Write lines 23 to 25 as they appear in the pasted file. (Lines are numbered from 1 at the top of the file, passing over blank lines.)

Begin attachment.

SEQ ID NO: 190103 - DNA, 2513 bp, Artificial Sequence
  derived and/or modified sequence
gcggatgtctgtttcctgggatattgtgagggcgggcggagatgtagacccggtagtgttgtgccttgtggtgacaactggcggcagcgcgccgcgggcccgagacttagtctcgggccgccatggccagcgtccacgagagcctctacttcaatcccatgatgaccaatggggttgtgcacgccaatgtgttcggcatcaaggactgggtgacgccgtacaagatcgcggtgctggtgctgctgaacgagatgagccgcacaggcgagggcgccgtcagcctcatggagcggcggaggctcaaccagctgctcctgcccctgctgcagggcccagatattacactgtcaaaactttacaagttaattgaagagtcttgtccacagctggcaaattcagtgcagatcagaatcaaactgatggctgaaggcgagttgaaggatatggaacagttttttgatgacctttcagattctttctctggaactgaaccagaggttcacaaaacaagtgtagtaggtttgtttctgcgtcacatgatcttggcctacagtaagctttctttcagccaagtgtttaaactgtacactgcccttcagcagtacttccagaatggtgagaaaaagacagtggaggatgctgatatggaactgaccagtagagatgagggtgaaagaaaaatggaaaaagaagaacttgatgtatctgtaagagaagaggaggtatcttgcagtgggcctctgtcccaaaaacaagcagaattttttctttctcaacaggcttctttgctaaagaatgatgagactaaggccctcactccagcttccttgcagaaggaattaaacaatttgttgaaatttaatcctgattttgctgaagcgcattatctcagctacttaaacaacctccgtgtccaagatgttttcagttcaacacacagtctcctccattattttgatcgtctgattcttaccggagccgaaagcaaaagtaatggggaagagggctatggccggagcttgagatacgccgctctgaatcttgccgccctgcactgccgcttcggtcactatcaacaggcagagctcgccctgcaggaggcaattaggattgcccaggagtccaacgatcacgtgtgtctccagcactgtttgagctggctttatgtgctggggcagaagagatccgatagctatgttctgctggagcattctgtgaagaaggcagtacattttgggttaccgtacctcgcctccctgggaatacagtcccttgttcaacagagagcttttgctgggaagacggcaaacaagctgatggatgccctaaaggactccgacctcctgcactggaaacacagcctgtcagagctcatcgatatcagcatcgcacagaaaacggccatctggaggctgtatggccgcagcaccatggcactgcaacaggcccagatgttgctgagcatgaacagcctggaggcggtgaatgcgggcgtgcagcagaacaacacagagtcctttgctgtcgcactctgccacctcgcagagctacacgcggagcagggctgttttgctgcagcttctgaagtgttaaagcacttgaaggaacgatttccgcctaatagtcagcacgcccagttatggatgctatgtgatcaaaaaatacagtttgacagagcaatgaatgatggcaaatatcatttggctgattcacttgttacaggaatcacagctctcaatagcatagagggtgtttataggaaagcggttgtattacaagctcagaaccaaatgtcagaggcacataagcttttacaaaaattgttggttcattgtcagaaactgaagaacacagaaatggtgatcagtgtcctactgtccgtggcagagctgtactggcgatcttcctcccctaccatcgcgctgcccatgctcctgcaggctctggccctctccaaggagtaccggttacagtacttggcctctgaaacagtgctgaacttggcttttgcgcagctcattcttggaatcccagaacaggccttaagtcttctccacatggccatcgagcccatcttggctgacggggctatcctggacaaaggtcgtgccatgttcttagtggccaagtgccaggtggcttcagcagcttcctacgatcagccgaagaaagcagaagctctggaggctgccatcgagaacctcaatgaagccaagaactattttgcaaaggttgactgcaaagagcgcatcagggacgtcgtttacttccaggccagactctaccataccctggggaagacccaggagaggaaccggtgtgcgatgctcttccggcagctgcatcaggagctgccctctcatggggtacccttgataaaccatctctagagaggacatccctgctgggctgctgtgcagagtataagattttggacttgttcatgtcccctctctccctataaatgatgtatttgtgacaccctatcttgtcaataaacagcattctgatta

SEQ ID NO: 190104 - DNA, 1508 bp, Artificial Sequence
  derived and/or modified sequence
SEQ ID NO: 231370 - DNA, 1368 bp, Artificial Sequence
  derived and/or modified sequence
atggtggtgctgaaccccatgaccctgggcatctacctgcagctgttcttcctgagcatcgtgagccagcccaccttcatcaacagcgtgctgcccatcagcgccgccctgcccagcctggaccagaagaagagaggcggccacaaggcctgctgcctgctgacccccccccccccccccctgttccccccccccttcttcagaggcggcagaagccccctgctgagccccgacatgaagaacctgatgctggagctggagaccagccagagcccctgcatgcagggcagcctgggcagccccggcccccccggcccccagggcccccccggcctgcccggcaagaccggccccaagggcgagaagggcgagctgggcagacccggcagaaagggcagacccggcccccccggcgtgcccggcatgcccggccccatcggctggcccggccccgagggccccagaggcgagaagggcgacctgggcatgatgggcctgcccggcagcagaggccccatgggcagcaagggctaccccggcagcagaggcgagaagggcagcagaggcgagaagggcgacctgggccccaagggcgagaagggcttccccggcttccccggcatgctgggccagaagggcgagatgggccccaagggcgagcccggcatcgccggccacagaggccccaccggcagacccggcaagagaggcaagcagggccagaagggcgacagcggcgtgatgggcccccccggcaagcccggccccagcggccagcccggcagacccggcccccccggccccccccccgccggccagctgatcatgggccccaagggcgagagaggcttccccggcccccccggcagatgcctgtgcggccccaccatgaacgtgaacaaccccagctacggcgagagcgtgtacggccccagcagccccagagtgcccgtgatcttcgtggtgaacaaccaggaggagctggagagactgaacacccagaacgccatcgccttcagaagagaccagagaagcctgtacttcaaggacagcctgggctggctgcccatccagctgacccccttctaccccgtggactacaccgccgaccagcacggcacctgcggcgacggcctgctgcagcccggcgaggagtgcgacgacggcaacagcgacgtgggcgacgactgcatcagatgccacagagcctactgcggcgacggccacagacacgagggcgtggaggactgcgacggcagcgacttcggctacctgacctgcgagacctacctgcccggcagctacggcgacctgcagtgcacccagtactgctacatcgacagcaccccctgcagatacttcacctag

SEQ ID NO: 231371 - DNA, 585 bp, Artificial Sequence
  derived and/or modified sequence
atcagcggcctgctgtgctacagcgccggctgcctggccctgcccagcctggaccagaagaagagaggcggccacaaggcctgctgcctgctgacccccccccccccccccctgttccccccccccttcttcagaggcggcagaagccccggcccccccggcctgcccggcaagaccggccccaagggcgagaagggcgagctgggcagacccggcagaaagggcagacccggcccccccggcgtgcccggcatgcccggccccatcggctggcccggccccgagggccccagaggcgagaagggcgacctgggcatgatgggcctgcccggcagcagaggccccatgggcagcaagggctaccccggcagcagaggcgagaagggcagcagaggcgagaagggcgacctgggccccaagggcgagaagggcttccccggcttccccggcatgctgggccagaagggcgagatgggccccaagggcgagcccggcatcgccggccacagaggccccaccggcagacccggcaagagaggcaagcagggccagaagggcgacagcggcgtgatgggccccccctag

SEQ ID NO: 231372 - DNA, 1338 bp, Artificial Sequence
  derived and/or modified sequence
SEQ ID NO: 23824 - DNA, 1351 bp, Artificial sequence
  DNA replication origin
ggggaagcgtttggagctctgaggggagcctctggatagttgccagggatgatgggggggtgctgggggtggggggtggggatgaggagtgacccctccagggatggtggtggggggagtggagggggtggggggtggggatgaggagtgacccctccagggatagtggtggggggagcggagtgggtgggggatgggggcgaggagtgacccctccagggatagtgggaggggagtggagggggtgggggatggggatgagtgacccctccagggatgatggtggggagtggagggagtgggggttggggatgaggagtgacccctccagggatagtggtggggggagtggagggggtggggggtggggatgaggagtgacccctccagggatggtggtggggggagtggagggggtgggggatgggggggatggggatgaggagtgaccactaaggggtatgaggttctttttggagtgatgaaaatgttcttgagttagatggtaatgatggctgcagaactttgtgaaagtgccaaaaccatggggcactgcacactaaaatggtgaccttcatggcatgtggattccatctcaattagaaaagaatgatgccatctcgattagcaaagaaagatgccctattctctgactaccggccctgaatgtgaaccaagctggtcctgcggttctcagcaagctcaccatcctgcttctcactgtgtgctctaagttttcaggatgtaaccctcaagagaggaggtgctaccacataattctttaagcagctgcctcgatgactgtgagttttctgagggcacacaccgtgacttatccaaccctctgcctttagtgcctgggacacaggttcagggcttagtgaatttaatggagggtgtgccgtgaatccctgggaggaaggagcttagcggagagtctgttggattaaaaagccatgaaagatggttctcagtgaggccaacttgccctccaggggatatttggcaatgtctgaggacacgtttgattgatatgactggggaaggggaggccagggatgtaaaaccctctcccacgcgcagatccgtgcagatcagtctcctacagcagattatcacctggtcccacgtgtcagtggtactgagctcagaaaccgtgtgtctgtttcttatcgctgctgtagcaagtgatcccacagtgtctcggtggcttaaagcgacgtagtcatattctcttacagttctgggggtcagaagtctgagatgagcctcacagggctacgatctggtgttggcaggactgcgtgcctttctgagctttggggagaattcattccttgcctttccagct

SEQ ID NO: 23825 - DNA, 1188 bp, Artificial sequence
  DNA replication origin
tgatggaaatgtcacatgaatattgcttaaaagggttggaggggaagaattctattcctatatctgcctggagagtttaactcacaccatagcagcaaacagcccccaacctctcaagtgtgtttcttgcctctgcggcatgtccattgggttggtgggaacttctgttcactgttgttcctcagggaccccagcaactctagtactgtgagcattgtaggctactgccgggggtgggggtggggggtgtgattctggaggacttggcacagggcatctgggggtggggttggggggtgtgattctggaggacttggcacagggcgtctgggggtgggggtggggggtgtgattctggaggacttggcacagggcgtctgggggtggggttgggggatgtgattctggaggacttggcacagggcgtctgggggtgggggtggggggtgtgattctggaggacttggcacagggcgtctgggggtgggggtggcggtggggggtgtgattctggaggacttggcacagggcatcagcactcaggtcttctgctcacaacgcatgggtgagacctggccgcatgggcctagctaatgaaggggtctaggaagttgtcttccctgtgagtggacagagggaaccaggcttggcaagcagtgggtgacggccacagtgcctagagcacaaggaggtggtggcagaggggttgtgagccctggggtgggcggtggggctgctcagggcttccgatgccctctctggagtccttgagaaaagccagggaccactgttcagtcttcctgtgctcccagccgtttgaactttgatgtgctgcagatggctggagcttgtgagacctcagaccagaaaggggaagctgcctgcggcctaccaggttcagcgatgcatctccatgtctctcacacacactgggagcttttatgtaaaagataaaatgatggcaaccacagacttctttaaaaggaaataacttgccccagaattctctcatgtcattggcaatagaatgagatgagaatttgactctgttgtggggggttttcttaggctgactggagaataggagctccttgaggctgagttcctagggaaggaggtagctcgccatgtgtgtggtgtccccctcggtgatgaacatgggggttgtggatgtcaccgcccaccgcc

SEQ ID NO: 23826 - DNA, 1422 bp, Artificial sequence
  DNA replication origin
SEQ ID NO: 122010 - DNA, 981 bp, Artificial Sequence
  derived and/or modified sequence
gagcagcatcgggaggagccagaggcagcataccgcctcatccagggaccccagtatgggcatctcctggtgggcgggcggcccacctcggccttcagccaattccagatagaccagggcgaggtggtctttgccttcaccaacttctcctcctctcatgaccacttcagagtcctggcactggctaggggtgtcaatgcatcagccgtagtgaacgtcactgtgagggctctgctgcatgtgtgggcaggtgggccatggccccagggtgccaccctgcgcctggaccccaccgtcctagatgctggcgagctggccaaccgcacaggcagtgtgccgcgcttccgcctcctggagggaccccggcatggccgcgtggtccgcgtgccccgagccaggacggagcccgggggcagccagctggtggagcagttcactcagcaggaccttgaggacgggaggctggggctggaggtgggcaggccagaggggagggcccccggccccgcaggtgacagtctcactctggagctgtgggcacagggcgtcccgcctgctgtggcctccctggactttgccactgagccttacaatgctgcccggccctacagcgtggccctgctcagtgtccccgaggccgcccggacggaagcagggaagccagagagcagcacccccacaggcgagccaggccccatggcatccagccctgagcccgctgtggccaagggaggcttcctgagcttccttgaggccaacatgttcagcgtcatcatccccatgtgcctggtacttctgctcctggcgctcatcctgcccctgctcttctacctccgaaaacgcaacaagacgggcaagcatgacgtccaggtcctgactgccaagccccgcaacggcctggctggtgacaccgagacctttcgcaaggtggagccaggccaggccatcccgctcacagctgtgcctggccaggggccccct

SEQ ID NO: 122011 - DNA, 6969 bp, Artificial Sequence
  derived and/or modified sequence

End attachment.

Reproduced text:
  derived and/or modified sequence
gagcagcatcgggaggagccagaggcagcataccgcctcatccagggaccccagtatgggcatctcctggtgggcgggcggcccacctcggccttcagccaattccagatagaccagggcgaggtggtctttgccttcaccaacttctcctcctctcatgaccacttcagagtcctggcactggctaggggtgtcaatgcatcagccgtagtgaacgtcactgtgagggctctgctgcatgtgtgggcaggtgggccatggccccagggtgccaccctgcgcctggaccccaccgtcctagatgctggcgagctggccaaccgcacaggcagtgtgccgcgcttccgcctcctggagggaccccggcatggccgcgtggtccgcgtgccccgagccaggacggagcccgggggcagccagctggtggagcagttcactcagcaggaccttgaggacgggaggctggggctggaggtgggcaggccagaggggagggcccccggccccgcaggtgacagtctcactctggagctgtgggcacagggcgtcccgcctgctgtggcctccctggactttgccactgagccttacaatgctgcccggccctacagcgtggccctgctcagtgtccccgaggccgcccggacggaagcagggaagccagagagcagcacccccacaggcgagccaggccccatggcatccagccctgagcccgctgtggccaagggaggcttcctgagcttccttgaggccaacatgttcagcgtcatcatccccatgtgcctggtacttctgctcctggcgctcatcctgcccctgctcttctacctccgaaaacgcaacaagacgggcaagcatgacgtccaggtcctgactgccaagccccgcaacggcctggctggtgacaccgagacctttcgcaaggtggagccaggccaggccatcccgctcacagctgtgcctggccaggggccccct

SEQ ID NO: 122011 - DNA, 6969 bp, Artificial Sequence